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Copyright Infringement legal suit of Taylor Swift’s song ‘Shake it off’

Singer and songwriter, who at the young age of 18 was awarded as the youngest solo artist to write and record a hit song on the US Hot Country Songs chart with the single ‘Our Song.’ She released her fourth country album, Red, in 2012 and her first pop album, Red, in 2012 and her first pop album, 1989, which was taken out in 2014. In 2017, her sixth album, Reputation, sold over a million copies in four days.

Taylor Swift is one of the most successful artists of the past fifteen years and “Shake It Off” is one of her biggest hits. With that in mind, it’s not surprising that other artists would want part of that song’s success. Swift was sued for copyright infringement over “Shake It Off.” While the suit was initially dismissed, it has since been revived by a federal appeals court. Here are the details behind the case.

Why Swift is in legal trouble over ‘Shake It Off?

Sean Hall and Nathan Butler are the songwriters behind the 2001 song “Playas Gon’ Play” by the R&B girl group 3LW. The song was a minor hit in the English-speaking world and includes the lyrics “Playas, they gonna play / and haters, they gonna hate.”

Anyone with a passing knowledge of Swift’s music will find these lyrics familiar, as the chorus of “Shake It Off” has the lyrics “’Cause the players gonna play, play, play, play, play / and the haters gonna hate, hate, hate, hate, hate.” Outside of those lyrics, the two songs are very different. “Playas Gon Play” is an early 2000s R&B song that’s highly reminiscent of songs by TLC, Mary J Blige, and Destiny’s Child. “Shake It Off,” on the other hand, is a dance-pop song built around horns.

This lawsuit was dismissed in 2018 by Judge Michael Fitzgerald. Fitzgerald commented “by 2001, American popular culture was heavily steeped in the concepts of players, haters and player-haters. The concept of actors acting in accordance with their essential nature is not at all creative; it is banal.”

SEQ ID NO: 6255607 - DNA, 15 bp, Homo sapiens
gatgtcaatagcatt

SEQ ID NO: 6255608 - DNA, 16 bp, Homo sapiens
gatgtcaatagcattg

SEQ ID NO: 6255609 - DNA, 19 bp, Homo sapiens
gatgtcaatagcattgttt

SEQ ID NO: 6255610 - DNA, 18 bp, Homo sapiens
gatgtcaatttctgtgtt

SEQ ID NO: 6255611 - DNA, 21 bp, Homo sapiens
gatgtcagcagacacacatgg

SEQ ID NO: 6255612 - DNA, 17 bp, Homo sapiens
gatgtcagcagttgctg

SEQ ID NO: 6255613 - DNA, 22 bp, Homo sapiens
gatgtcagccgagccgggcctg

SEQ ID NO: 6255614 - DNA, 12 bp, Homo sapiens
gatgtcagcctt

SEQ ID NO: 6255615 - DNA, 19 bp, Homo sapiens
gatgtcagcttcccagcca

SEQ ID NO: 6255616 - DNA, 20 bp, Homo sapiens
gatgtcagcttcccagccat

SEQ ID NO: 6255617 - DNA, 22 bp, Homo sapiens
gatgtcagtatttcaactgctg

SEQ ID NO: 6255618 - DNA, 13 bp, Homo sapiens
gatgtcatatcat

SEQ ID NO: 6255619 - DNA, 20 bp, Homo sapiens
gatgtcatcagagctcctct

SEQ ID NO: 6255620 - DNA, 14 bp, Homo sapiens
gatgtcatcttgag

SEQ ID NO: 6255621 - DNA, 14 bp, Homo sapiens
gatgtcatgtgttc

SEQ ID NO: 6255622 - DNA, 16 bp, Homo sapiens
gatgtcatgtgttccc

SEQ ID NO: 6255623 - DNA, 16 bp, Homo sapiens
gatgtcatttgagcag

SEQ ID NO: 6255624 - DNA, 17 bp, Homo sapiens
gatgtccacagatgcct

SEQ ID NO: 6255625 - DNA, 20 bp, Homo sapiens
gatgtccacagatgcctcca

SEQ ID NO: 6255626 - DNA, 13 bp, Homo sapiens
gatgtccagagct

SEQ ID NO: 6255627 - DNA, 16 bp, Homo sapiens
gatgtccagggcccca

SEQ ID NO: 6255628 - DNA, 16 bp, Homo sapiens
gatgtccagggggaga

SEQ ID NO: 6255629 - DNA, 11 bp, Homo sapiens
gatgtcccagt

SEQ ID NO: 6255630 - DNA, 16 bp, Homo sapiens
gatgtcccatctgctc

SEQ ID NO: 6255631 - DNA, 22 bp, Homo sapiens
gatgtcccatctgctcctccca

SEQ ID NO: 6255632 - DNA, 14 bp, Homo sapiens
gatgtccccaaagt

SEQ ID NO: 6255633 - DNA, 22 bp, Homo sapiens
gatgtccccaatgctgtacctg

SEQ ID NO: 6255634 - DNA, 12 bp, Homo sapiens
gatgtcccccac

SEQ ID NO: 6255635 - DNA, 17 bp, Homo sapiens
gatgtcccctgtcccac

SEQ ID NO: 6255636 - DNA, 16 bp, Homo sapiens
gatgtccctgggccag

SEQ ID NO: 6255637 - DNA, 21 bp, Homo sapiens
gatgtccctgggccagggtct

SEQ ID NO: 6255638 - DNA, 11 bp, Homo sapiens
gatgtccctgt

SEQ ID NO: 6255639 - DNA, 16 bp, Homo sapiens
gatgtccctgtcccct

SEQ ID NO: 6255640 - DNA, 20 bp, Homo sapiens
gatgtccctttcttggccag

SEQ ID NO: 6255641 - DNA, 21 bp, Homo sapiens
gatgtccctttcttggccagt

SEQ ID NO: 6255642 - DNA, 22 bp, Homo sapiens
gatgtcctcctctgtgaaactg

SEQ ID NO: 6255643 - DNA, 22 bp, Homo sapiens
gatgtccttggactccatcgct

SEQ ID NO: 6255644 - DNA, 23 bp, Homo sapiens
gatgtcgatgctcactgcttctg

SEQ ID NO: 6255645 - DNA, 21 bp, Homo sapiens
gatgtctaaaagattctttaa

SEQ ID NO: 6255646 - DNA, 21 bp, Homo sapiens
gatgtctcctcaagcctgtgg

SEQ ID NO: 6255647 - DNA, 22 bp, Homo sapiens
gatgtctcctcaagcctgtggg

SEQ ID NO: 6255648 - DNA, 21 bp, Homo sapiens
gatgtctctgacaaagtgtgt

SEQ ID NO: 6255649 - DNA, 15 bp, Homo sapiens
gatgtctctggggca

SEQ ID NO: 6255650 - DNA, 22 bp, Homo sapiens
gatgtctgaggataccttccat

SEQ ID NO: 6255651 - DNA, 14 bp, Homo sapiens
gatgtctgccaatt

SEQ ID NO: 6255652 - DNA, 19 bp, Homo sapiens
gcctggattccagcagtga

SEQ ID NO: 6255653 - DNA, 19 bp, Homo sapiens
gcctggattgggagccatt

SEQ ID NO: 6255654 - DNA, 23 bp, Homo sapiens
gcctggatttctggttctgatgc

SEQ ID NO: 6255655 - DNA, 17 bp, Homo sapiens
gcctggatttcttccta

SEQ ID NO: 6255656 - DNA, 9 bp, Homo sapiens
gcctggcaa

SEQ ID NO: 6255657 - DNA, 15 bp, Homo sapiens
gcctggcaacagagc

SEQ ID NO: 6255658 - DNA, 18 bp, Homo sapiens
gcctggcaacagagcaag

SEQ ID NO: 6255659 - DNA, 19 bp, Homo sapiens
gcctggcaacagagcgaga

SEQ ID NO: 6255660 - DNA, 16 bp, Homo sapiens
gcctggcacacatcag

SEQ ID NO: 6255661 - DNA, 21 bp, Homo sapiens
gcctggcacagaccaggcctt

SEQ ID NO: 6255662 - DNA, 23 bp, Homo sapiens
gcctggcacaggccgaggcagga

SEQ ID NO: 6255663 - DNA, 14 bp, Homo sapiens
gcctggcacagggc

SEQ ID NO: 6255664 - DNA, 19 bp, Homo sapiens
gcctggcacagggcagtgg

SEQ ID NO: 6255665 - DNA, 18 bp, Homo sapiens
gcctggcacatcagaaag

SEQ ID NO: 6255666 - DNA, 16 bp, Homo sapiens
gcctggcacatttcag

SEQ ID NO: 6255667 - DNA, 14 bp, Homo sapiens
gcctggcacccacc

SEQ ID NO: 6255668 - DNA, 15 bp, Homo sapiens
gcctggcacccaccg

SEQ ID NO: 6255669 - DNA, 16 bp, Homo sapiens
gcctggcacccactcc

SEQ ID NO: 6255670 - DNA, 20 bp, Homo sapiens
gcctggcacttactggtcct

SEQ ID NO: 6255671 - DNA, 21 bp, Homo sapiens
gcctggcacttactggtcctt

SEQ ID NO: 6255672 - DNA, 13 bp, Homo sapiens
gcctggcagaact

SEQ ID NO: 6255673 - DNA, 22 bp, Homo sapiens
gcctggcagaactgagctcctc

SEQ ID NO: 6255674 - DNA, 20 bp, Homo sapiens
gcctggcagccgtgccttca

The lawsuit returns

He added “The allegedly infringed lyrics are short phrases that lack the modicum of originality and creativity required for copyright protection. While the Court is extremely skeptical that Plaintiffs will — in a manner consistent with Rule 11 — be able to rehabilitate their copyright infringement claim in an amended complaint, out of an abundance of forbearance it will give Plaintiffs a single opportunity to try.”

Swift may not have been pleased with her music being called “banal” but she was probably happy that the lawsuit was dismissed. However, this is not the end.

Judges John Owens, Andrew Hurwitz and Kenneth Lee reversed the decision, saying “originality, as we have long recognized, is normally a question of fact …By concluding that, ‘for such short phrases to be protected under the Copyright Act, they must be more creative than the lyrics at issues here,’ the district court constituted itself as the final judge of the worth of an expressive work. Because the absence of originality is not established either on the face of the complaint or through the judicially noticed matters, we reverse the district court’s dismissal.”

The case will be back in court sometime in the future. This reversal comes at a particularly litigious time in the music industry. In recent months, Lady Gaga, Nicki Minaj, Lil Nas X, and Cardi B have all been accused of plagiarism. All of these cases are still up in the air and music fans will just have to wait and see if their favorite stars have gotten into any legal trouble.


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